1 April 2008
Head past the gas works near London’s Chelsea Harbour and the huge rollercoaster-style pipework in the sky, and you are in for a treat. In the shadow of a gas tank sits an elegant Victorian building, once the engineering office, now the home of De Ferranti. “We are a one-stop-shop for rare and unusual materials”, explains owner and md, Alvaro Ziani de Ferranti, surrounded by tiles and panels of stone and ceramics, from the weird to the truly wonderful. The tall-ceilinged room is painted an atmosphere blood red, and treasures are stacked up against every surface.” It’s like an “Old Curiosity Shop” – that’s the concept behind it”, he says.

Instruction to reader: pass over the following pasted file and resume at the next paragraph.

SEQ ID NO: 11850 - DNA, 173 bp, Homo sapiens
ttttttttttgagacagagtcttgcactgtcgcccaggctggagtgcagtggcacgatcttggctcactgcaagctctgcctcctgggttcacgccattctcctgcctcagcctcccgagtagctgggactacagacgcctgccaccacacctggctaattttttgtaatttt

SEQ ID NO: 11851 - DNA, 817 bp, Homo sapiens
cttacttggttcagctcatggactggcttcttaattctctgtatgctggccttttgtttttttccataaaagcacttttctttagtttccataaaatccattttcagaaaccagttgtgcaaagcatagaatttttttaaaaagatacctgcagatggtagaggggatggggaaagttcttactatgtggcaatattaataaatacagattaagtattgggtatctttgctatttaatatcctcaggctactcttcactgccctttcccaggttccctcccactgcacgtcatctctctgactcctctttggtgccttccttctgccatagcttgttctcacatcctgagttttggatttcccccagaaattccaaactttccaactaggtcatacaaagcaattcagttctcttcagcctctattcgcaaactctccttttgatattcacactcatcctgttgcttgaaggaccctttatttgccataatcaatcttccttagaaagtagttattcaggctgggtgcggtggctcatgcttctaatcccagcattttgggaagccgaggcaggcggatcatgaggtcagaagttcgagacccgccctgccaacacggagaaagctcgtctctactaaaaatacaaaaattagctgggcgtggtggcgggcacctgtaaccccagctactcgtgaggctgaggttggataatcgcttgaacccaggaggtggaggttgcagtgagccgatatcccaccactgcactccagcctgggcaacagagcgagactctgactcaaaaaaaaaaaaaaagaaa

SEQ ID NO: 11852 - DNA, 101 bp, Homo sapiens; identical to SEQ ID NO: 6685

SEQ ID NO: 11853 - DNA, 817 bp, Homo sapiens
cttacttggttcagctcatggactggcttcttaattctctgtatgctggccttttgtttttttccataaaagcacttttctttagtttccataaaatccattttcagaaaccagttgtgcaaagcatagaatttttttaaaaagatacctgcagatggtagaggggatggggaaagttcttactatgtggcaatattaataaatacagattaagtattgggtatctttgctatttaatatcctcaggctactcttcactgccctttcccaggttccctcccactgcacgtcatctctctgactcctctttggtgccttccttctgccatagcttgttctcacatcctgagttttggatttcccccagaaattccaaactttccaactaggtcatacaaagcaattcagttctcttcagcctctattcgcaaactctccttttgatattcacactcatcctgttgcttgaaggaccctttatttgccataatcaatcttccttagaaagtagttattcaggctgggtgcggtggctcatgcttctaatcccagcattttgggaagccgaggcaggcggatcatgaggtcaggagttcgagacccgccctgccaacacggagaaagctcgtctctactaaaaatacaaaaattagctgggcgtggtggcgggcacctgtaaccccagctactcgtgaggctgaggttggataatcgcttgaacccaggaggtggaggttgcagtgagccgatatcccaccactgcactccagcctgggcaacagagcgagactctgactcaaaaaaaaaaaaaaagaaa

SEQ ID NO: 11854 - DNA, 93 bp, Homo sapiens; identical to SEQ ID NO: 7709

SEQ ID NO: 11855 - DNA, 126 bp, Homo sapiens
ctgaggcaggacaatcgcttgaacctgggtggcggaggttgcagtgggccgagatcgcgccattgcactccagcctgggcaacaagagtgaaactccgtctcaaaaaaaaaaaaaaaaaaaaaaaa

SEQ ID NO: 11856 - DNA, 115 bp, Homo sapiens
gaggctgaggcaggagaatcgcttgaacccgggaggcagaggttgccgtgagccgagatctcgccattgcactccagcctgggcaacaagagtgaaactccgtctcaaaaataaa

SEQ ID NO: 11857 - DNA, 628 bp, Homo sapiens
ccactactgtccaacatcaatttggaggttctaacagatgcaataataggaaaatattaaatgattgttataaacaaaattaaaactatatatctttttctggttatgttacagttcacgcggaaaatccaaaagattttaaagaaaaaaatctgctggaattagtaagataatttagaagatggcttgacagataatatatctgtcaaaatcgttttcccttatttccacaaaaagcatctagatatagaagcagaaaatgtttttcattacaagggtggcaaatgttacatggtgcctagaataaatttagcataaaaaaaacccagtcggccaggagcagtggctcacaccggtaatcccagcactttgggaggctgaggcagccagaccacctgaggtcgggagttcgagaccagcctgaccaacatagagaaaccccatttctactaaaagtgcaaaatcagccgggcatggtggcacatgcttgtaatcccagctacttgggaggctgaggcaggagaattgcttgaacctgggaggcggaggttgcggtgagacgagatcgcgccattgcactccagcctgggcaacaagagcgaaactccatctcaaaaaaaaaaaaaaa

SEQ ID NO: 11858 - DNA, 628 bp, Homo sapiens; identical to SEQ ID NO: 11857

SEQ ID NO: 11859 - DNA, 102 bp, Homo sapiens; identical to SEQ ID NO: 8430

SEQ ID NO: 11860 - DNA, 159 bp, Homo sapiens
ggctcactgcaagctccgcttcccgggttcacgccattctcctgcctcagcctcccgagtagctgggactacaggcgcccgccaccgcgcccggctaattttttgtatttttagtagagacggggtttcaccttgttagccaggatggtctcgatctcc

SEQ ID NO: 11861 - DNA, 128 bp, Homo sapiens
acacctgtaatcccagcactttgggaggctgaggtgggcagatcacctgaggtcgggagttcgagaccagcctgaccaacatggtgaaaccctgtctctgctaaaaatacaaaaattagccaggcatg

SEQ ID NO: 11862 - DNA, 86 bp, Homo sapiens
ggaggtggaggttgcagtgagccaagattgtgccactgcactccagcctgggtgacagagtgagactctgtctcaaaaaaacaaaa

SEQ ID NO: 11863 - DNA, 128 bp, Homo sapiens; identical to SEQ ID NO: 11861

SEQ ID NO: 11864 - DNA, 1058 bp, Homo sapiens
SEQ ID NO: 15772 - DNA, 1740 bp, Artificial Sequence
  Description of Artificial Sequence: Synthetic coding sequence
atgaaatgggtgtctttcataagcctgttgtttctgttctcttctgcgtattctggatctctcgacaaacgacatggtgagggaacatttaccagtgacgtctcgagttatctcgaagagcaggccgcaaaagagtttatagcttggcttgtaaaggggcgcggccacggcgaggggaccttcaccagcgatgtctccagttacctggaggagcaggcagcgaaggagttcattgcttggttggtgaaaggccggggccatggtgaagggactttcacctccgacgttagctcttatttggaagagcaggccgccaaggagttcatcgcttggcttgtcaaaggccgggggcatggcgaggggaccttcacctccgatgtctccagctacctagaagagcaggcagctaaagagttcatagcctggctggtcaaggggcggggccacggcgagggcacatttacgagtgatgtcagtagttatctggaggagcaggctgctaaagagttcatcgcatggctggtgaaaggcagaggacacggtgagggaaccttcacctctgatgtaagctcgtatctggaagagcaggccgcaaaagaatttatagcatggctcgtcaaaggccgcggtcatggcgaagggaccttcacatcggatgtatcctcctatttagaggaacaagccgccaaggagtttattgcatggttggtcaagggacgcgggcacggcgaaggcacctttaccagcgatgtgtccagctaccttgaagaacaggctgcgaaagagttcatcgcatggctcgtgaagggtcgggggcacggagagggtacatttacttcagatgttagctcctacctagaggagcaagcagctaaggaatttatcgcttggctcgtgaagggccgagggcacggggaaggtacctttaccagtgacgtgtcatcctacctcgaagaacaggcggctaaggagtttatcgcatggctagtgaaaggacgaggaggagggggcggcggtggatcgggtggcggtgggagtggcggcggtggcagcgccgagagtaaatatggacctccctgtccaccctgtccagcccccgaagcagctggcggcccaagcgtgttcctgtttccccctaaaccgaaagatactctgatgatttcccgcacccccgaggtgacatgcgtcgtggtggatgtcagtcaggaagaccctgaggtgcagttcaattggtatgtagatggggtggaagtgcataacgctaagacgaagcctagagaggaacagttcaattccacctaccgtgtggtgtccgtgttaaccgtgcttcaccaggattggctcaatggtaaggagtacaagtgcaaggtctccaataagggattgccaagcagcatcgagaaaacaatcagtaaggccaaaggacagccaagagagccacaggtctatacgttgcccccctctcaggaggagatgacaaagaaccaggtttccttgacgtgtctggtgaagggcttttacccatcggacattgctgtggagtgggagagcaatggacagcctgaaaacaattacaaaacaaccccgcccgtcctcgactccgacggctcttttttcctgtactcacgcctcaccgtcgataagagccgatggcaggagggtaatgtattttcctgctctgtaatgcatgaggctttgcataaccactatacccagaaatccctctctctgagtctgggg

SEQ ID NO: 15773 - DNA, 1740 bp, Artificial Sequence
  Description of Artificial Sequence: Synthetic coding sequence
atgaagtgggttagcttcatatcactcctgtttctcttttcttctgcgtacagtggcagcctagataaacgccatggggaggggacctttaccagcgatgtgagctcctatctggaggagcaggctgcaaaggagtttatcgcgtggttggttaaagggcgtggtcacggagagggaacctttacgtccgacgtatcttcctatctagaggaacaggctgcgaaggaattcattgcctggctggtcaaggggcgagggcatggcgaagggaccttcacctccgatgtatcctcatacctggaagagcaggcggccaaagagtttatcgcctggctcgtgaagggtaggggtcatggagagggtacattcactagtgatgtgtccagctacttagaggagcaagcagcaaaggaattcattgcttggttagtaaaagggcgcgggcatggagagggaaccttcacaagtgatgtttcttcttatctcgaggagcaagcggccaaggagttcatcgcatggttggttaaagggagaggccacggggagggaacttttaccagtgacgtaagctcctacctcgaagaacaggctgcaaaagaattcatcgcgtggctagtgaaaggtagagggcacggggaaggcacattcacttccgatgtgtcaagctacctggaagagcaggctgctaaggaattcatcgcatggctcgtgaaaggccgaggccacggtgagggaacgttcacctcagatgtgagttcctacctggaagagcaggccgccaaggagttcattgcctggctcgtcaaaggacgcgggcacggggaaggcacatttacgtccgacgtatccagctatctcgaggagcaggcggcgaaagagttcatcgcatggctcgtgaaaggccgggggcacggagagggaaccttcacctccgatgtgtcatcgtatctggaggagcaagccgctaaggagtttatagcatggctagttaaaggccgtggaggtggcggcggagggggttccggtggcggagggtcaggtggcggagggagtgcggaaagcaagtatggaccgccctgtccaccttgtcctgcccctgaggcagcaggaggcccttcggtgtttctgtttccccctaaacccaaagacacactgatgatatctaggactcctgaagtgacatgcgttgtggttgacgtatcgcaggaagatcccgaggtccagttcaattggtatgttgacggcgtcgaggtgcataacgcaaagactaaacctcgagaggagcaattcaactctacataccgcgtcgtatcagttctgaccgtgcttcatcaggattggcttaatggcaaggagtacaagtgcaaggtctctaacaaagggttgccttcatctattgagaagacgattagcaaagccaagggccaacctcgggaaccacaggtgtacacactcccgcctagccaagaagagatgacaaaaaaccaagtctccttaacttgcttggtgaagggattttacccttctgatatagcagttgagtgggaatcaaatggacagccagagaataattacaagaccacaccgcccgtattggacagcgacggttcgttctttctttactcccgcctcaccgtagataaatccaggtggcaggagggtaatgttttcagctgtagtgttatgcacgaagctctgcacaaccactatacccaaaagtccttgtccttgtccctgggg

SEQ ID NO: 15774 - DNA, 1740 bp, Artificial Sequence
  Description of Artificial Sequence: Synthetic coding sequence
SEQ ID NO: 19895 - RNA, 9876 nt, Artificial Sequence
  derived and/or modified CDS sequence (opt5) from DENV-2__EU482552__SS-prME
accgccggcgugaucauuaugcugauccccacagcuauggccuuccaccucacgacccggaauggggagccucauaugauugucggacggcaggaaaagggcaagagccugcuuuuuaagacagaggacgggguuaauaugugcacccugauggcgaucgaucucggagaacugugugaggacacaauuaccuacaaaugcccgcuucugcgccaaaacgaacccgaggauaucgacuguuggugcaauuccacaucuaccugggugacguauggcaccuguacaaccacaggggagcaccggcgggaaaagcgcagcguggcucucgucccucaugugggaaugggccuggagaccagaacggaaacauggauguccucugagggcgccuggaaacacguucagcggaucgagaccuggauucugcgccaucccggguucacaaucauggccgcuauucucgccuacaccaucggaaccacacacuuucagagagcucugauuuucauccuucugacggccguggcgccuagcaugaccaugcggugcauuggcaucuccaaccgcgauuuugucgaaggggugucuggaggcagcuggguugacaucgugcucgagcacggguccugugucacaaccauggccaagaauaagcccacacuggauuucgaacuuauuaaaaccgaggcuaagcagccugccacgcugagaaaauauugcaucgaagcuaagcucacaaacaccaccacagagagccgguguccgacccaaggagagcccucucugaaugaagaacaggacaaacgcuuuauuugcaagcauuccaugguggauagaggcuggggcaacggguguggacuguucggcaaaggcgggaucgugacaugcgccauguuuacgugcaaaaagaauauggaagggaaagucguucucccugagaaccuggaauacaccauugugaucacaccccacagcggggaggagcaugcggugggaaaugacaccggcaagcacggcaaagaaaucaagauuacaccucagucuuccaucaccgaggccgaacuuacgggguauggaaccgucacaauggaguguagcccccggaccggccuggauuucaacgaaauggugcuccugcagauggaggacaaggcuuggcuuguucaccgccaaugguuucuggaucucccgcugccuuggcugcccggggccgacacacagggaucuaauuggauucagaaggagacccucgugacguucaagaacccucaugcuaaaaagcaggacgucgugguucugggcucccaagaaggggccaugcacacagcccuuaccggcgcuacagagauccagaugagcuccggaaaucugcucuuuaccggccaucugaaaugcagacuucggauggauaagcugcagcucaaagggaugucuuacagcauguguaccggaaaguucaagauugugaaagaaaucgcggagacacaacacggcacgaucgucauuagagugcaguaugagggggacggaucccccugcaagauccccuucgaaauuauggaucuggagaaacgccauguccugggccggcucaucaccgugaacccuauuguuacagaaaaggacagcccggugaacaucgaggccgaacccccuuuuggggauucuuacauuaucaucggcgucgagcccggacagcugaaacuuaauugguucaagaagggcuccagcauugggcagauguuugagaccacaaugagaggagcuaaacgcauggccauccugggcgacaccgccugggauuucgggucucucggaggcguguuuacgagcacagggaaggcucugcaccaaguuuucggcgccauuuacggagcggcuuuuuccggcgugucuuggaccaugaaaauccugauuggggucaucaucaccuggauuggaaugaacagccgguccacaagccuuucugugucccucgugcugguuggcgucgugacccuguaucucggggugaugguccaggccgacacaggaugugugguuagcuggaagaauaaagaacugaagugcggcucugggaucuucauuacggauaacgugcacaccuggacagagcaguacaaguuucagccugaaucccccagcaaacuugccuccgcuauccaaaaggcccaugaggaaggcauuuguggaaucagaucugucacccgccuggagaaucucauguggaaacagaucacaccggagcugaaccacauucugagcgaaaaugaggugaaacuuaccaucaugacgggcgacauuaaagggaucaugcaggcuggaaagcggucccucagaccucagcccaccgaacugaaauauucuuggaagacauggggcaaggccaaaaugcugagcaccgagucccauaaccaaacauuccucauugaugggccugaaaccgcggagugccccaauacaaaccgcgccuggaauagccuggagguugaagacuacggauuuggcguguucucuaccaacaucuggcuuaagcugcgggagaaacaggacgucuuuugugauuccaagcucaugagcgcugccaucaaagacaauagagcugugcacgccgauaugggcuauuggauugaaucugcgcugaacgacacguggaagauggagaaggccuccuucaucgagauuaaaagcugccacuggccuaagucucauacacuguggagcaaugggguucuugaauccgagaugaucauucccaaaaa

Alvaro, 38, is something of a self-styled Indiana Jones, nipping off on adventures all over the world in his quest for new stones. “I love travelling and sourcing new materials”, he says. “There nothing like arriving in a country I know nothing about and going to visit quarries and stone carvers in the middle of nowhere”. Recent travels include a search for stones for a project for the Jordanian royal family in a medieval town in Rajasthan. “The whole place was covered in a sheet of white marble dust”, recalls Alvaro. He also has journied into the Atlas Mountains in Morocco to buy hand-dressed flag stones from local Bedouin, and a visit to Tel Aviv where he crossed over into the West Bank. “I went to a very unusual project which empowers local women and trains them to run their own small mosaic and artistic stone businesses” he explains.